She stopped, eyeing the steps dubiously while fiddling with the button on her coat. The coat had been her mother’s and was the only thing she had left of her. She had been an only child and had no other family so losing her had changed her whole life. Since at the time of her mother’s passing Marcie had only been eleven she had gone into foster care, the coat being the only thing she still had to remind her of that life. She lowered her head sadly in thought and then, as if pulled by a string, raised her head high, chin thrust out, shoulders thrown back, stormed up the rickety looking steps. Before she could lose her nerve she shifted the heavy potted plant to the crook of her arm and knocked as hard as her mittened hand would allow on the incongruously bright red door.
Just then a breeze swept across the front porch where she was standing sending chills up her spine. “What on earth am I doing here?” she mumbled to herself as she nervously swiped the snow off her boots while debating a fast departure. Marcie heard a slight rustling inside the house and the knob began to turn slowly.
Marcie had been rehearsing this moment and what she would say for weeks. Now suddenly everything flew out of her head. “I’m a second year Journalism Major for goodness sake, where are my words?” she thought frantically while her panicked eyes watched the knob turning and the door cracking open before suddenly stopping on a chain. A small hand came out just below the doorknob and grasped the door as if to pull it open by force. She heard a small boy say “Who are you?” in an inquisitive voice.
Marcie spoke softly asking the boy if there was an adult she could speak with. The door was closed abruptly and she heard small footsteps running across a tiled floor, untied shoelaces making a tat tat sound as he ran.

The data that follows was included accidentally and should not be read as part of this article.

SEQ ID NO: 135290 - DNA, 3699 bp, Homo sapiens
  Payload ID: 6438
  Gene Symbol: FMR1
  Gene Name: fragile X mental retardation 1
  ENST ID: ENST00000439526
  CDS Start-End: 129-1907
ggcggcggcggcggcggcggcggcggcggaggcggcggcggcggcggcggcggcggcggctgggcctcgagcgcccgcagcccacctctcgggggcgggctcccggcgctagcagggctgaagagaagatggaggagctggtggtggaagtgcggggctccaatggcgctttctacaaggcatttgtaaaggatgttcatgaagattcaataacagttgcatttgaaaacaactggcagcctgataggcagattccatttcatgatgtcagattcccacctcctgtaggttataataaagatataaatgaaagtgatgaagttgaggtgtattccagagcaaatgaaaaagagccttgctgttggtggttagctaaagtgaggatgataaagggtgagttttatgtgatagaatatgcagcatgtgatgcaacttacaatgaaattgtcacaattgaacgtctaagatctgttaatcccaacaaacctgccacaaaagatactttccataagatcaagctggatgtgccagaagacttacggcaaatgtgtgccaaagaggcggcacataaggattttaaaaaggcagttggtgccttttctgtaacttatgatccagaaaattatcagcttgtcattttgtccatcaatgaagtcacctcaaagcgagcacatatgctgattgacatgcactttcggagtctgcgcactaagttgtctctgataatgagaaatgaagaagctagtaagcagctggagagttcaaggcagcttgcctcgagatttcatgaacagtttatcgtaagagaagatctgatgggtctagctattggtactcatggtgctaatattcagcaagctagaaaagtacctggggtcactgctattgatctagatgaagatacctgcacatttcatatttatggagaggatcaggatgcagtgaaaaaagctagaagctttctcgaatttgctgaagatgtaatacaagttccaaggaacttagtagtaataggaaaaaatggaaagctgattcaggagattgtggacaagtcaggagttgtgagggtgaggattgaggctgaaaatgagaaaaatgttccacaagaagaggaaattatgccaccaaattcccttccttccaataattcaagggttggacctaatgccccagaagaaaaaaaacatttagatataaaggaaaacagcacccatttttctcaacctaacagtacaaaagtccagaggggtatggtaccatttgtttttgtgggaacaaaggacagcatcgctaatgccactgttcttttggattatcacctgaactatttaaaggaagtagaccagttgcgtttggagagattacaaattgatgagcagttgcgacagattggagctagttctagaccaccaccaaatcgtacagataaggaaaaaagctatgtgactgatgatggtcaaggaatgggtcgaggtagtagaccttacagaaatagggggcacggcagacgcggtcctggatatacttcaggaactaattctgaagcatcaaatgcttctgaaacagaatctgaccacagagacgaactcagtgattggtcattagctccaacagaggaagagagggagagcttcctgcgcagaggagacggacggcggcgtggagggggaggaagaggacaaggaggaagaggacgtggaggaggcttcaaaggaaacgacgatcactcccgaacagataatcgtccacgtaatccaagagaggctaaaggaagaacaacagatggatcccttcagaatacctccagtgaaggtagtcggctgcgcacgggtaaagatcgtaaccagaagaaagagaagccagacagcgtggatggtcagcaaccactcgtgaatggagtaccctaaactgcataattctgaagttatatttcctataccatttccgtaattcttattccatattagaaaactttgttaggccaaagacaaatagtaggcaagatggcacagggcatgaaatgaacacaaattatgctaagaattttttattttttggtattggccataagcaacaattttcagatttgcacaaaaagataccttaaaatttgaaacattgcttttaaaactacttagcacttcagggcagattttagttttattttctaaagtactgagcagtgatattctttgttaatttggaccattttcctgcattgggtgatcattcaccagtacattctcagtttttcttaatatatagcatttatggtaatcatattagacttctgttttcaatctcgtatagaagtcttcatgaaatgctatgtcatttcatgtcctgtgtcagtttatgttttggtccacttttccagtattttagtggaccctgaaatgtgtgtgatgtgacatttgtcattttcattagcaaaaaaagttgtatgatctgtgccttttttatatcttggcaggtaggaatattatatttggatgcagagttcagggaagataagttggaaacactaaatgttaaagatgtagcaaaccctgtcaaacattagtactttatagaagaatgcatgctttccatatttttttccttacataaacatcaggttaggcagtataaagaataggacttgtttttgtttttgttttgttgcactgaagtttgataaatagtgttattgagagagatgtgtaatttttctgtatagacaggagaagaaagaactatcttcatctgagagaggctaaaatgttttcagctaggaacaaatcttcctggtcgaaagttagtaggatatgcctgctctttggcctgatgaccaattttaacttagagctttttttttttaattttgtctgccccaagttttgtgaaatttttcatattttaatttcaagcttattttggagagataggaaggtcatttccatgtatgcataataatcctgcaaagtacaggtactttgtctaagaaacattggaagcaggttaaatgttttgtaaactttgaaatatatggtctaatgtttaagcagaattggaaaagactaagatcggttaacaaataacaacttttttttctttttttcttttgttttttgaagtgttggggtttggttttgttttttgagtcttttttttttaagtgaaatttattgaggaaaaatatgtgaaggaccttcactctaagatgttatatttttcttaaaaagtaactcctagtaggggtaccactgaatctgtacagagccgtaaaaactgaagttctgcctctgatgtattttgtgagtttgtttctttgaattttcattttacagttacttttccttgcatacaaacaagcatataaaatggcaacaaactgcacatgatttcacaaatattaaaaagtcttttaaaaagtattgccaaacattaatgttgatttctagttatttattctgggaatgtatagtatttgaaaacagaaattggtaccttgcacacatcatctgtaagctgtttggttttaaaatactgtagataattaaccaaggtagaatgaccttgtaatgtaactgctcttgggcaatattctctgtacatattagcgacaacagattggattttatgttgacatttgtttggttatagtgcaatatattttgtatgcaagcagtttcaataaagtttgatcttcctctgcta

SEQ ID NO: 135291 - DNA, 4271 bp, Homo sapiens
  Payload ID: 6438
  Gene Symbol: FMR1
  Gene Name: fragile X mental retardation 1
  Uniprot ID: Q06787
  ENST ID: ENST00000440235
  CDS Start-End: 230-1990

The door was again opened but this time sans chain and she came face to face with “her”. A trick of the light from the snowy Christmas day played across her face making her eyes sparkle like sapphires. She stood there, an expectant look on her face, her impatience showing only in her tapping slippered foot. Marcie shook herself out of her reverie and thrust the plant out with a breathless greeting. “Happy Holidays I’m Marcie and I brought you a pepper plant.” The woman started a bit as the plant came at her in the darkened hallway and then clearing her throat as though she hadn’t spoken for a long time asked in a surprisingly mellifluous voice, “Who are you and why on earth did you bring me a pepper plant of all things?”
Marcie smiled tentatively looking at this woman she had wanted to meet her entire life and with the same sapphire blue eyes tearfully, silently pleading, began to recite her story. “I am Marcie and my mother was your daughter, Alecia. She told me this was your favorite plant. May I please come in so we can talk?”